With the March 5th anniversary of the Boston Massacre behind us, Amanda Matthews of the John Adams Papers at the Massachusetts Historical Society, reflects on why John Adams, a Boston attorney, agreed to be the defense lawyer for the British soldiers charged with instigating the riot that led to five civilian deaths.
Matthews rightly reminds us that we should be careful about giving too much historical authority to Adams’s post-election of 1800 recollection of his role in the affair. She writes: “Adams’s own recollection (he kept no diary at the time), is tainted by a long and often torturous public service that left him feeling unappreciated for his many sacrifices to his country….”
So why did he take the case? Here is Matthews’s argument:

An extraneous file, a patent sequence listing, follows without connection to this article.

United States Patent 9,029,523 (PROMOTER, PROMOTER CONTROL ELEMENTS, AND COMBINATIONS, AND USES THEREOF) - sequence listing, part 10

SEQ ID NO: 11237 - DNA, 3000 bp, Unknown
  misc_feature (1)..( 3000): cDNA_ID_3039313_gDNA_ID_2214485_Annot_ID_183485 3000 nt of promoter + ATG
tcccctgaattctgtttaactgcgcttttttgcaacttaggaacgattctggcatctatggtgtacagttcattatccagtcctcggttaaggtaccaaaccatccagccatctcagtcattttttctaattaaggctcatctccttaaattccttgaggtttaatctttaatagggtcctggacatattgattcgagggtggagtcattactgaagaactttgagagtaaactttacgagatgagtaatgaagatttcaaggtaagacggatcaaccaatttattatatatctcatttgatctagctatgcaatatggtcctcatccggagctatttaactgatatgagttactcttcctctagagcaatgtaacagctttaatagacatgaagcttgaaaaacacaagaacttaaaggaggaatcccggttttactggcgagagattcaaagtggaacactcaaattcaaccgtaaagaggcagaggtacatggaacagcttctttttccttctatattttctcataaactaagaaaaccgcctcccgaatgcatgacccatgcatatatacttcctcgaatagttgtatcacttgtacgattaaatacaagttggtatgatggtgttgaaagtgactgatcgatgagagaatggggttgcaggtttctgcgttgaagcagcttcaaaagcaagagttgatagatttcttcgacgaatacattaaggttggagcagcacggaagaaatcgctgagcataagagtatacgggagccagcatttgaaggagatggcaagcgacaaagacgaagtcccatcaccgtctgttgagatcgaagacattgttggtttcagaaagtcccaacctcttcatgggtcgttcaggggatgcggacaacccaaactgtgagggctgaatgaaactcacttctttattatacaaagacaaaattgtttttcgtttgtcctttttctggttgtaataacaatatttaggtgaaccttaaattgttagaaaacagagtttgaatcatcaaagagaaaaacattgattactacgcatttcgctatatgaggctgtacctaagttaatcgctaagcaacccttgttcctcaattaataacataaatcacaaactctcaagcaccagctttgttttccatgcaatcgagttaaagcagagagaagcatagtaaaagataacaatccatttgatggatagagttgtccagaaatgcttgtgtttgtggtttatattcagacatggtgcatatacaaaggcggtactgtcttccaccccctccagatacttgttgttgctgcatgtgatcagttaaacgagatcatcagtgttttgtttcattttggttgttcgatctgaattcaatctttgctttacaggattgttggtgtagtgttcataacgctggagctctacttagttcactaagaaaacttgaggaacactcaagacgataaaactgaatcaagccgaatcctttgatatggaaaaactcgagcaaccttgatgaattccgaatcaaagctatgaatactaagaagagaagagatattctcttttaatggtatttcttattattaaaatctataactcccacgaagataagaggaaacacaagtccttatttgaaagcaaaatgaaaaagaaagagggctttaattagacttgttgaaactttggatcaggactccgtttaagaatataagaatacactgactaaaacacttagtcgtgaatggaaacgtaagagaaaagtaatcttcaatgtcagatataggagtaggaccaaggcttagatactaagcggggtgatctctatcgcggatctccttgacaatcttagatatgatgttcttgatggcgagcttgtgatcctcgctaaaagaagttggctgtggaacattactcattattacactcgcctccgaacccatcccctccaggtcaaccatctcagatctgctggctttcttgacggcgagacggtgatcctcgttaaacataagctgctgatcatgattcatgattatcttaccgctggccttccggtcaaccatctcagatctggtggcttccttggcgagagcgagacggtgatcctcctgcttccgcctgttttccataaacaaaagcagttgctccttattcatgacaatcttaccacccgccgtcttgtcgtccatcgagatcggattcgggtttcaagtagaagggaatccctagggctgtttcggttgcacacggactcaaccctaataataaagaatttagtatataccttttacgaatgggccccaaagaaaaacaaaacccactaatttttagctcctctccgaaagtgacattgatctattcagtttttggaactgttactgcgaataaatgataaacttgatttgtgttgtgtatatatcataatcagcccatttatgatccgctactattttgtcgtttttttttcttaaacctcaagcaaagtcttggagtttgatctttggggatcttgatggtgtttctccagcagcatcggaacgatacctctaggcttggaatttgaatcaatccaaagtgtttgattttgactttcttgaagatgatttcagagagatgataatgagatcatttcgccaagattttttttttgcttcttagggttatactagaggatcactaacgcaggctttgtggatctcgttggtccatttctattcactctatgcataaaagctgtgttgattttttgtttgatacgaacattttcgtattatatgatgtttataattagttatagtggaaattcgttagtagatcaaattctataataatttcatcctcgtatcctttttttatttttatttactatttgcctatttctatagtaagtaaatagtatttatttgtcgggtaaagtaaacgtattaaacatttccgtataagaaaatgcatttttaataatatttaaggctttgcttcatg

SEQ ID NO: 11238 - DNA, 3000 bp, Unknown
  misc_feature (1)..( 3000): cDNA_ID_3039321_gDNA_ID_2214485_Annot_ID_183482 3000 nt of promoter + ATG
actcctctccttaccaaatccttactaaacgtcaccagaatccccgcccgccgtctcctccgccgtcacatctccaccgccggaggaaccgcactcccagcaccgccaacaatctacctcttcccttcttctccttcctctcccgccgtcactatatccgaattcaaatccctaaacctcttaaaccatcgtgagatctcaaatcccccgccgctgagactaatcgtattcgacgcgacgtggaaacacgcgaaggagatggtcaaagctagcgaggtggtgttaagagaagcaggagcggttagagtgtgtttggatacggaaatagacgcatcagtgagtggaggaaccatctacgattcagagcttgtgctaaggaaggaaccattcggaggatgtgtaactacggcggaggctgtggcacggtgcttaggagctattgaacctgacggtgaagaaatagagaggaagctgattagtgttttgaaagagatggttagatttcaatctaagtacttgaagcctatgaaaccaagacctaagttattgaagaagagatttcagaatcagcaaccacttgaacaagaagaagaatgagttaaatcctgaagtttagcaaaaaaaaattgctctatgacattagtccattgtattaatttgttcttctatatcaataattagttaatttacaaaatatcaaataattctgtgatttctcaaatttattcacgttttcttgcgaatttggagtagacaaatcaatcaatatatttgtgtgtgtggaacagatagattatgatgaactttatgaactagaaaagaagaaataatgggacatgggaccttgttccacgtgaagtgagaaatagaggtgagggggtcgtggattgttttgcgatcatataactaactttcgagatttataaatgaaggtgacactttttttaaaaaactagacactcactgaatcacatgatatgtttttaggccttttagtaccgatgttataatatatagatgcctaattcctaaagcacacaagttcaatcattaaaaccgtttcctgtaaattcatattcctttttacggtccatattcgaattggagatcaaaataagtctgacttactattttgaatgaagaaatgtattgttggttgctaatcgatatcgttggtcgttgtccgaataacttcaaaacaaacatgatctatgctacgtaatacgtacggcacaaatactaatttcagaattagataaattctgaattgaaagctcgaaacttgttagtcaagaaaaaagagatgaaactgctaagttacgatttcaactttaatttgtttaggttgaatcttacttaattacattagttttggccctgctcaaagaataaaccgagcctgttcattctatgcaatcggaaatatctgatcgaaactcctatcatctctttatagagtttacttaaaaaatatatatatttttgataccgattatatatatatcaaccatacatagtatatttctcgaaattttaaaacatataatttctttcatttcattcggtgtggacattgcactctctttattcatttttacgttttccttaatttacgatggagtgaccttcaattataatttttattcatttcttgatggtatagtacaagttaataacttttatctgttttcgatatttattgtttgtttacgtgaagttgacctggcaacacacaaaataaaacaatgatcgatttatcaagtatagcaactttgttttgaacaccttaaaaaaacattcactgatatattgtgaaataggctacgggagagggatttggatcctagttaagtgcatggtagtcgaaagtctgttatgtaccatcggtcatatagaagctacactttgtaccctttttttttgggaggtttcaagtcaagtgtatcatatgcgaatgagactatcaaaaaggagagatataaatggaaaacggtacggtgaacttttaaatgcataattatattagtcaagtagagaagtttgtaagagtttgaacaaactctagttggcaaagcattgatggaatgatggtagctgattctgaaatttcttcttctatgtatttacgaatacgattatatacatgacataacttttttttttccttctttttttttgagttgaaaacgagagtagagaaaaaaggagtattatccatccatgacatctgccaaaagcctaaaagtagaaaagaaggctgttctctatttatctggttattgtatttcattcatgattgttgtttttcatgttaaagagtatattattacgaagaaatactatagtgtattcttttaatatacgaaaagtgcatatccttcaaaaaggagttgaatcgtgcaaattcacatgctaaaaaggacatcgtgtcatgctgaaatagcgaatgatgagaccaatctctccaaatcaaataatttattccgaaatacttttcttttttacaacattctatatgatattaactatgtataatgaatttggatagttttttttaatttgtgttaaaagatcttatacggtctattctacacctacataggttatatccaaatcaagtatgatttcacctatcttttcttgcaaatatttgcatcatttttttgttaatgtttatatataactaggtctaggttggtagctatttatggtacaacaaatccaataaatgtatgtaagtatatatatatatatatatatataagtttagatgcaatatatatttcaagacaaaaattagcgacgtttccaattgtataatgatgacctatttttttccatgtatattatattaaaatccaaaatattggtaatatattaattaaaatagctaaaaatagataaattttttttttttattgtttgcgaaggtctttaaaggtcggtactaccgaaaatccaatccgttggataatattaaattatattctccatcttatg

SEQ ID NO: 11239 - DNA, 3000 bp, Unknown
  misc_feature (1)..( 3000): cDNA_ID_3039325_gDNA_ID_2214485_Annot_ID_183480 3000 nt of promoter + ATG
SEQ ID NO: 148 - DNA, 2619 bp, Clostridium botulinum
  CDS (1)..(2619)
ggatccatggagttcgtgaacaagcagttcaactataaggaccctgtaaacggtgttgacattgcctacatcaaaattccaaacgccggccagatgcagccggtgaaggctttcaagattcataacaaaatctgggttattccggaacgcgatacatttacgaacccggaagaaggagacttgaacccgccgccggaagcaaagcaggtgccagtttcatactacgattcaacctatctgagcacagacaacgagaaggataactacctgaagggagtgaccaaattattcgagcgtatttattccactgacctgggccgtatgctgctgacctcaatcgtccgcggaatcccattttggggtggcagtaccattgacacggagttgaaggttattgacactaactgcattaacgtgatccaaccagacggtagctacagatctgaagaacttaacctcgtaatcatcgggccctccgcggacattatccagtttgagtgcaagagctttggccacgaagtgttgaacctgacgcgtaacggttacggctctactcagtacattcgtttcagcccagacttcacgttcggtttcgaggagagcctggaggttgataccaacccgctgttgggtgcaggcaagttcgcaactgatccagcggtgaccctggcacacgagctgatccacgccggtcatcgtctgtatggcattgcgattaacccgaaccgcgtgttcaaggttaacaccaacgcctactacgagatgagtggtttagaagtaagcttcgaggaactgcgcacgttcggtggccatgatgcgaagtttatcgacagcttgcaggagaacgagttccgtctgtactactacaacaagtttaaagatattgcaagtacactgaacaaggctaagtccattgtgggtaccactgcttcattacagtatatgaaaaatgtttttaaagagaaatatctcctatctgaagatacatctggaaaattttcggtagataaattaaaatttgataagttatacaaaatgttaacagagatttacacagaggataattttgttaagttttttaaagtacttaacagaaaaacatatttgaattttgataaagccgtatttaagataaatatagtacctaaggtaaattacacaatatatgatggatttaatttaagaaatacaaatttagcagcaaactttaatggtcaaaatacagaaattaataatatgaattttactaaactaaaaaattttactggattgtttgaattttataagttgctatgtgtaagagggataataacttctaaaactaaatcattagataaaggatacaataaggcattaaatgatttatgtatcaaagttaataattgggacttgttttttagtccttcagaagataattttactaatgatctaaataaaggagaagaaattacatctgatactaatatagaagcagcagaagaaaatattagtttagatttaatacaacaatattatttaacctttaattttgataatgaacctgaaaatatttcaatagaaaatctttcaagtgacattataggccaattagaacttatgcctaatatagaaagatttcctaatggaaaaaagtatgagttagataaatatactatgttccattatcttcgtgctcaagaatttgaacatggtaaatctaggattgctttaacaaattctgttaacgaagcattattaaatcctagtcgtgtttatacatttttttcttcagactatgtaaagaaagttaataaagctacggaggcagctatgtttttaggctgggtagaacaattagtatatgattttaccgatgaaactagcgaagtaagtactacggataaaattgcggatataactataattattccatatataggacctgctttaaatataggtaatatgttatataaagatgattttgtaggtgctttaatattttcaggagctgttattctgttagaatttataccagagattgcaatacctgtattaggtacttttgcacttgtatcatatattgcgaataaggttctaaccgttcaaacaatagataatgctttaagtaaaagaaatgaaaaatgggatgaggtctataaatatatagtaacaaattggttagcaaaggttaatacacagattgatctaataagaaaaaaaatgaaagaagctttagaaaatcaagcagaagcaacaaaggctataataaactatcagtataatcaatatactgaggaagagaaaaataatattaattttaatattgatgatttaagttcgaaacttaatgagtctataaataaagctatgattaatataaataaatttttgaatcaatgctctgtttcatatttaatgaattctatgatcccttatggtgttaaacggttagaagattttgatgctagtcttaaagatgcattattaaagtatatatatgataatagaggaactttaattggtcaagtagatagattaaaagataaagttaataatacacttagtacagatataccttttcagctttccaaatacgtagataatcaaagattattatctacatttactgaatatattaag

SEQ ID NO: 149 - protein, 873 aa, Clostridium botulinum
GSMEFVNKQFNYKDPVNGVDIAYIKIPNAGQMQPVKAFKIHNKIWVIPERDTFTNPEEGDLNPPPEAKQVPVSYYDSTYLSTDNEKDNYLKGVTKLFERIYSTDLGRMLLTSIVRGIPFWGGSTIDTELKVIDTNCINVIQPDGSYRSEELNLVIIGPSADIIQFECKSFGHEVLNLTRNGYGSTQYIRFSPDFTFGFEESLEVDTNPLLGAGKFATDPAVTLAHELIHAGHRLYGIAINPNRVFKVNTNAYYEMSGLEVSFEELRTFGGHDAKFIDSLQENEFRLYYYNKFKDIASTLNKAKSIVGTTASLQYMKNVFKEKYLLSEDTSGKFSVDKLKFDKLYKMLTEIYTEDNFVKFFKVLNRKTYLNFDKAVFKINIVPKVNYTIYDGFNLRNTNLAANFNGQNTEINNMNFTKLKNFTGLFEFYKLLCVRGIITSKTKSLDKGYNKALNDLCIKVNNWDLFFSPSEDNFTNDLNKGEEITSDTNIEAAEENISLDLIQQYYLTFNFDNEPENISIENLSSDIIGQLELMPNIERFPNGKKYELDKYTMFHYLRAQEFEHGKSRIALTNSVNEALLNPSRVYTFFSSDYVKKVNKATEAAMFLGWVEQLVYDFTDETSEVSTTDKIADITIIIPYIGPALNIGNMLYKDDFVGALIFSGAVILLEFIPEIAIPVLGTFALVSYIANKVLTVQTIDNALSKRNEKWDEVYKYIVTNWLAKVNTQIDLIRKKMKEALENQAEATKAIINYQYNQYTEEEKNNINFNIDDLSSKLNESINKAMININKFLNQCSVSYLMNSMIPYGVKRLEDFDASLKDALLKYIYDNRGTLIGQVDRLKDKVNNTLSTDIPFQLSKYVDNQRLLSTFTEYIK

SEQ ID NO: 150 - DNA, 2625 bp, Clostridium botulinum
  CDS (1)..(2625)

As are human motives generally, his reasons were complex. It is important to remember that these cases were just two out of hundreds in his career and when put in that larger context, they appear less extraordinary. He mistrusted mob action as a rule and he defended patriots against the crown, and Tories against patriot wrongs. No doubt the knowledge that these cases would be well recorded encouraged him and his ego as well. Finally, the balance of power between the Crown and the colonies was still in flux. Adams was determined to appear neutral until the winds were evident. In 1768, he had been offered the position of the Crown’s advocate general in Massachusetts. He declined. On the other hand, Adams wanted it known that he was not controlled by the Boston patriot leadership. He would be an independent man at all times. It was a theme and standard he maintained throughout his life and one quite evident throughout the Massacre trials.